Jessica Mathews /

Local residents and others across the state are being advised to take precautions around livestock following recent cases of a parasitic illness in Livingston and some surrounding counties.

The Michigan Department of Health and Human Services (MDHHS) is reminding people of steps they can take to keep themselves safe and healthy when touching or working around livestock. MDHHS and local health departments have been investigating an outbreak of cryptosporidiosis in residents in Livingston, Ingham and Oakland counties.

The illnesses are believed to have been caused by a parasite called Cryptosporidium and occurred after people came into contact with a group of sick calves. To date, a total of 12 people between the ages of 19 and 56 became sick with diarrhea and other symptoms between November 15th – 21st. There is one confirmed, four probable and seven suspect cases.

Cryptosporidium is a parasite found in the stool of infected people or animals. Infected calves and other livestock can spread it even if they don’t seem sick. If a person’s hands, drinking water, food or recreational water are contaminated with small amounts of infected stool from either livestock or people, they could swallow the parasite and become sick.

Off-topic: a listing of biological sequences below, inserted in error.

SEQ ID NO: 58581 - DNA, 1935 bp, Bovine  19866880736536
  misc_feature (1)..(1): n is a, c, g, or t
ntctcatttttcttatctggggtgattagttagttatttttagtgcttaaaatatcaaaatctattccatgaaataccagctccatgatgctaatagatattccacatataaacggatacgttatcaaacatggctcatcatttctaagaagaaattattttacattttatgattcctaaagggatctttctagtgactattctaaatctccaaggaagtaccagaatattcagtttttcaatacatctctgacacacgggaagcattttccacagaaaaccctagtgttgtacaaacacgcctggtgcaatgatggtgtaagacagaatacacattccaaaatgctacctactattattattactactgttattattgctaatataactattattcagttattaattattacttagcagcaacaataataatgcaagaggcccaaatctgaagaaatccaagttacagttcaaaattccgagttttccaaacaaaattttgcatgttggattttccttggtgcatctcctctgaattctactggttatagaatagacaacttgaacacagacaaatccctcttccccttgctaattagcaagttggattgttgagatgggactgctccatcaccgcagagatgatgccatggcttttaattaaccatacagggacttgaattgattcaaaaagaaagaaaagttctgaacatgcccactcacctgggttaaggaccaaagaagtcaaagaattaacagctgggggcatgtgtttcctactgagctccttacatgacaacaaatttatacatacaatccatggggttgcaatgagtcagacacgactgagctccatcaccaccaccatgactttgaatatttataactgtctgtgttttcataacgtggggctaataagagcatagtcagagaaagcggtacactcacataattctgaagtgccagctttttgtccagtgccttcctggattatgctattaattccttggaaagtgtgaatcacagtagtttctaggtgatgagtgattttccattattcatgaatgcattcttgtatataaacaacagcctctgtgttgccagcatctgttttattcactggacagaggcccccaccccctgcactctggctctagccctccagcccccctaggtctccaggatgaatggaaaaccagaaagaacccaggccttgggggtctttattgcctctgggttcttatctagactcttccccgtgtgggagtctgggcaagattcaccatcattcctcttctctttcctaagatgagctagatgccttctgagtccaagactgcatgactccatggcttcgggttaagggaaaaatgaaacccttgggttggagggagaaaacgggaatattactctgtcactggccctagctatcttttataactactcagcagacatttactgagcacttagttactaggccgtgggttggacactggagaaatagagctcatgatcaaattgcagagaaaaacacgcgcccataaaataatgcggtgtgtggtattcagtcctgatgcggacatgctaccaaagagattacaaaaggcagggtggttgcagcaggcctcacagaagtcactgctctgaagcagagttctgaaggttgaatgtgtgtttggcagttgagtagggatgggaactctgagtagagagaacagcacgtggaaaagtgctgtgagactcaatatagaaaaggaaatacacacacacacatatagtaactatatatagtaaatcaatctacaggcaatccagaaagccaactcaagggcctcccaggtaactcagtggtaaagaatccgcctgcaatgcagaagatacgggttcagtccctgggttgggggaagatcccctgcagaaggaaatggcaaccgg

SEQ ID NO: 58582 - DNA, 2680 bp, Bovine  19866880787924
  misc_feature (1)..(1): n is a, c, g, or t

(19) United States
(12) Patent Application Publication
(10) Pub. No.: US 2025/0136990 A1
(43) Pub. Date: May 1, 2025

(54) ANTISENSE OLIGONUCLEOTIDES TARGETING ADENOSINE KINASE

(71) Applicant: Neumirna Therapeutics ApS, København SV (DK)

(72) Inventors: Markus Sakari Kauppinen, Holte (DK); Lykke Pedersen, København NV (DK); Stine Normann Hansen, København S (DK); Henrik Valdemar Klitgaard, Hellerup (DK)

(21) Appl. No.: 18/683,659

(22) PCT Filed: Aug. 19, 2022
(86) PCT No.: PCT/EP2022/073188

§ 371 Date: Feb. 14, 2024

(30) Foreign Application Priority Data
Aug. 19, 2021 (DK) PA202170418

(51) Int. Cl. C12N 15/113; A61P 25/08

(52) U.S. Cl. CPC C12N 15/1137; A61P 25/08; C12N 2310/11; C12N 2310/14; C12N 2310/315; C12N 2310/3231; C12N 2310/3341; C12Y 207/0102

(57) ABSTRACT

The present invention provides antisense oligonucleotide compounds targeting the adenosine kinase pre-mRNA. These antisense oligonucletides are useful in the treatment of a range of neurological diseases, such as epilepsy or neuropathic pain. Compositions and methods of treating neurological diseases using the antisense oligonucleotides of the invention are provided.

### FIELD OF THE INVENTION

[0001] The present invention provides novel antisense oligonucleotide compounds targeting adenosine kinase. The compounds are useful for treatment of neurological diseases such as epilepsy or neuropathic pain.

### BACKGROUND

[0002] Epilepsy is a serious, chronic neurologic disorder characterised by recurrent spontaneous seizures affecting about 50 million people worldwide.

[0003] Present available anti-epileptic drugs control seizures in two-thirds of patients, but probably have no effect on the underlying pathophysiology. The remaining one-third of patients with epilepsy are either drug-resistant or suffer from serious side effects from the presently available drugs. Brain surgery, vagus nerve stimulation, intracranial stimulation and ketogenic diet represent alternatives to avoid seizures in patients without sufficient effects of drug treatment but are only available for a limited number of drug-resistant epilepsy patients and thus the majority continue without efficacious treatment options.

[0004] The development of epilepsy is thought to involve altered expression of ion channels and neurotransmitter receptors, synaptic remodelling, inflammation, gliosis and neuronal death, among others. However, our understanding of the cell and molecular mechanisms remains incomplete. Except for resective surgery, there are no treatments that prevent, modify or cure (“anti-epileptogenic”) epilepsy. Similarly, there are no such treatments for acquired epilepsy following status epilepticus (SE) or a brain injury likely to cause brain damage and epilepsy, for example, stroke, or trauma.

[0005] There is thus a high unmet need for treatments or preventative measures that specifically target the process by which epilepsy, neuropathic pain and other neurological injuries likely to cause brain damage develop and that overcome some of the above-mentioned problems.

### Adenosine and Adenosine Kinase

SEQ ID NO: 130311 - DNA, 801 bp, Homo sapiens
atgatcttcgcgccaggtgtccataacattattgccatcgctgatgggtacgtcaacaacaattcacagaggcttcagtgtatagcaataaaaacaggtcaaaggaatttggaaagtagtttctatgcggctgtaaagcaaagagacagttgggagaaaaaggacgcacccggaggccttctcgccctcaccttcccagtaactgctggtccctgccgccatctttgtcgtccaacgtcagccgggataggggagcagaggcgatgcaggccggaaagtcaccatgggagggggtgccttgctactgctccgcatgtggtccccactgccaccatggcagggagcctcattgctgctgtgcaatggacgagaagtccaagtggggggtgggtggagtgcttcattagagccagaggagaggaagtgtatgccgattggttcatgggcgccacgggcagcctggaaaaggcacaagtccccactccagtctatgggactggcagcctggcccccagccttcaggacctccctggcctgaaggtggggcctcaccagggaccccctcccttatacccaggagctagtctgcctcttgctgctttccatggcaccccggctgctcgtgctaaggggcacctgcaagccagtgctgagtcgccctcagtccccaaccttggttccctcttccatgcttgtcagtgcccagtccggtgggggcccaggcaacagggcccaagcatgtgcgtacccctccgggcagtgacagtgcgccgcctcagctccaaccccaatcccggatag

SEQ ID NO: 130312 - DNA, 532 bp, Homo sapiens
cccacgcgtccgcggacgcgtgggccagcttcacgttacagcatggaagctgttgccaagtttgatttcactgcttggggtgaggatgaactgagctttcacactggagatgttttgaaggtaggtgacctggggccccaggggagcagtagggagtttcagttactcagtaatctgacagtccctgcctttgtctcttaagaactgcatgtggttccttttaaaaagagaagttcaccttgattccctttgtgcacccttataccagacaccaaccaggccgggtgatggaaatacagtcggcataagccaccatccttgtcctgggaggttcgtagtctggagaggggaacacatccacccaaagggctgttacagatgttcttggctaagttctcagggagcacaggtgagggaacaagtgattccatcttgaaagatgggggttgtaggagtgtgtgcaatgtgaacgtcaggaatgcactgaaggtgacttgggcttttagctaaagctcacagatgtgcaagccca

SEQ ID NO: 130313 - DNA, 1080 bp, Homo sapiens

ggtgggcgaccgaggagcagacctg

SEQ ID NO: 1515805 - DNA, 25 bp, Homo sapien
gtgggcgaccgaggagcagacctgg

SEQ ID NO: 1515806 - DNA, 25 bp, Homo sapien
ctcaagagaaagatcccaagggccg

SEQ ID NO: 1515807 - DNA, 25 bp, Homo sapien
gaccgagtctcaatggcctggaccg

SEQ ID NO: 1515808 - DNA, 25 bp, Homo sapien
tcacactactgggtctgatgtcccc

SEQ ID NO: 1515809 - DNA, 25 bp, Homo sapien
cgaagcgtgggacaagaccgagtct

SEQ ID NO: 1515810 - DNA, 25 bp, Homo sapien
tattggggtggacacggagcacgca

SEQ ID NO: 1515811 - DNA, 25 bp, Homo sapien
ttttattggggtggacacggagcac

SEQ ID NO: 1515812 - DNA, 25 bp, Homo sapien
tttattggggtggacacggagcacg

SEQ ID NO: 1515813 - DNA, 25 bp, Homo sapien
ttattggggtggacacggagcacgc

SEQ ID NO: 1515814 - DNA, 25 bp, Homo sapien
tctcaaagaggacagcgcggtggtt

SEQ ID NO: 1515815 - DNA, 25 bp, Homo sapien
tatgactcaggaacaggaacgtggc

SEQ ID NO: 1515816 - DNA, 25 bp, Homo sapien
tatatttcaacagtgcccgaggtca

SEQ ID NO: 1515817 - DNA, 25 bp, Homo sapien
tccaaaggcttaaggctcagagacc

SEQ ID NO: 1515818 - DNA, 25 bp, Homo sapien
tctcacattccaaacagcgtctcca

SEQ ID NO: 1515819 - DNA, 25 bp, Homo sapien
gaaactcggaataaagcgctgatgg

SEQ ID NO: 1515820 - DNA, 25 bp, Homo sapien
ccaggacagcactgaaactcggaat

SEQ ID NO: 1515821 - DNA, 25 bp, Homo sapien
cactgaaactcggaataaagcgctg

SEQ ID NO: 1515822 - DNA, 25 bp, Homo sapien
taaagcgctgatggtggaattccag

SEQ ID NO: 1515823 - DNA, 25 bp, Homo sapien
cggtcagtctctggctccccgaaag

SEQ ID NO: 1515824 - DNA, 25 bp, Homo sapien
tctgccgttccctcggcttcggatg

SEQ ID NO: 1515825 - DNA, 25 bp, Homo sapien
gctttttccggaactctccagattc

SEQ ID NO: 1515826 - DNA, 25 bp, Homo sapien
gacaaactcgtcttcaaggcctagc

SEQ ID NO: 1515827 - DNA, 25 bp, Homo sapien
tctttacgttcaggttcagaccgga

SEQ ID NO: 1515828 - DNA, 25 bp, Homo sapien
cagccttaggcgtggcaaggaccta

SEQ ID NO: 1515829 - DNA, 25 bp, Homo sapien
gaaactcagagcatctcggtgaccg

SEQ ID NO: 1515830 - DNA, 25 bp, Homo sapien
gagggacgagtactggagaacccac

The state says the parasite is not spread through properly cooked meat from animals or pasteurized milk or dairy products.

Health officials remind health care providers to ask about animal exposures when evaluating and treating patients for diarrheal illnesses.

Any Cryptosporidiosis cases should be reported to the local health department.

More information is available in the provided link.